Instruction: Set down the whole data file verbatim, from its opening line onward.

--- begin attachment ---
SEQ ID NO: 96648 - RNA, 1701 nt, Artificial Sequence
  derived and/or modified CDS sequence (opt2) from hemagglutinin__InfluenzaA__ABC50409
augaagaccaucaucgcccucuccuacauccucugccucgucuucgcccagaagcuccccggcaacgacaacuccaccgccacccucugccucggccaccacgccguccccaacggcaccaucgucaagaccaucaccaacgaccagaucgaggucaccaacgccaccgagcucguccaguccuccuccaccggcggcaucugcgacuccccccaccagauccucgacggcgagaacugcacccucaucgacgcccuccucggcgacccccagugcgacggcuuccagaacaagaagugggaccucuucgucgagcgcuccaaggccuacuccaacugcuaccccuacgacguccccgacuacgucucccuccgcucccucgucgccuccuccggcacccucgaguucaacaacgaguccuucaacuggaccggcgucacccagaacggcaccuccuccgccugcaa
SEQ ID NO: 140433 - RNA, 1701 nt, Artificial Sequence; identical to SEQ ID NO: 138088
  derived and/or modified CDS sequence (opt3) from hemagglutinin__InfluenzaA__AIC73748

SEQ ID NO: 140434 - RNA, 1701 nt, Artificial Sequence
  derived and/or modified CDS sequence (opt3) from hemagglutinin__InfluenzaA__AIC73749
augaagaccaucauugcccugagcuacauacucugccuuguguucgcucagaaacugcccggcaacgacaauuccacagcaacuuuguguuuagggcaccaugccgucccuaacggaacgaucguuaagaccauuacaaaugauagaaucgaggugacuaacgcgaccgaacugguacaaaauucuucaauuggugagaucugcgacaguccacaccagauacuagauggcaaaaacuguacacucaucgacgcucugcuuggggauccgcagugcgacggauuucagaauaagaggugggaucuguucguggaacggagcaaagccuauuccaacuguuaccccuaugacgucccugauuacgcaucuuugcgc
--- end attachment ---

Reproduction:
SEQ ID NO: 96648 - RNA, 1701 nt, Artificial Sequence
  derived and/or modified CDS sequence (opt2) from hemagglutinin__InfluenzaA__ABC50409
augaagaccaucaucgcccucuccuacauccucugccucgucuucgcccagaagcuccccggcaacgacaacuccaccgccacccucugccucggccaccacgccguccccaacggcaccaucgucaagaccaucaccaacgaccagaucgaggucaccaacgccaccgagcucguccaguccuccuccaccggcggcaucugcgacuccccccaccagauccucgacggcgagaacugcacccucaucgacgcccuccucggcgacccccagugcgacggcuuccagaacaagaagugggaccucuucgucgagcgcuccaaggccuacuccaacugcuaccccuacgacguccccgacuacgucucccuccgcucccucgucgccuccuccggcacccucgaguucaacaacgaguccuucaacuggaccggcgucacccagaacggcaccuccuccgccugcaa
SEQ ID NO: 140433 - RNA, 1701 nt, Artificial Sequence; identical to SEQ ID NO: 138088
  derived and/or modified CDS sequence (opt3) from hemagglutinin__InfluenzaA__AIC73748

SEQ ID NO: 140434 - RNA, 1701 nt, Artificial Sequence
  derived and/or modified CDS sequence (opt3) from hemagglutinin__InfluenzaA__AIC73749
augaagaccaucauugcccugagcuacauacucugccuuguguucgcucagaaacugcccggcaacgacaauuccacagcaacuuuguguuuagggcaccaugccgucccuaacggaacgaucguuaagaccauuacaaaugauagaaucgaggugacuaacgcgaccgaacugguacaaaauucuucaauuggugagaucugcgacaguccacaccagauacuagauggcaaaaacuguacacucaucgacgcucugcuuggggauccgcagugcgacggauuucagaauaagaggugggaucuguucguggaacggagcaaagccuauuccaacuguuaccccuaugacgucccugauuacgcaucuuugcgc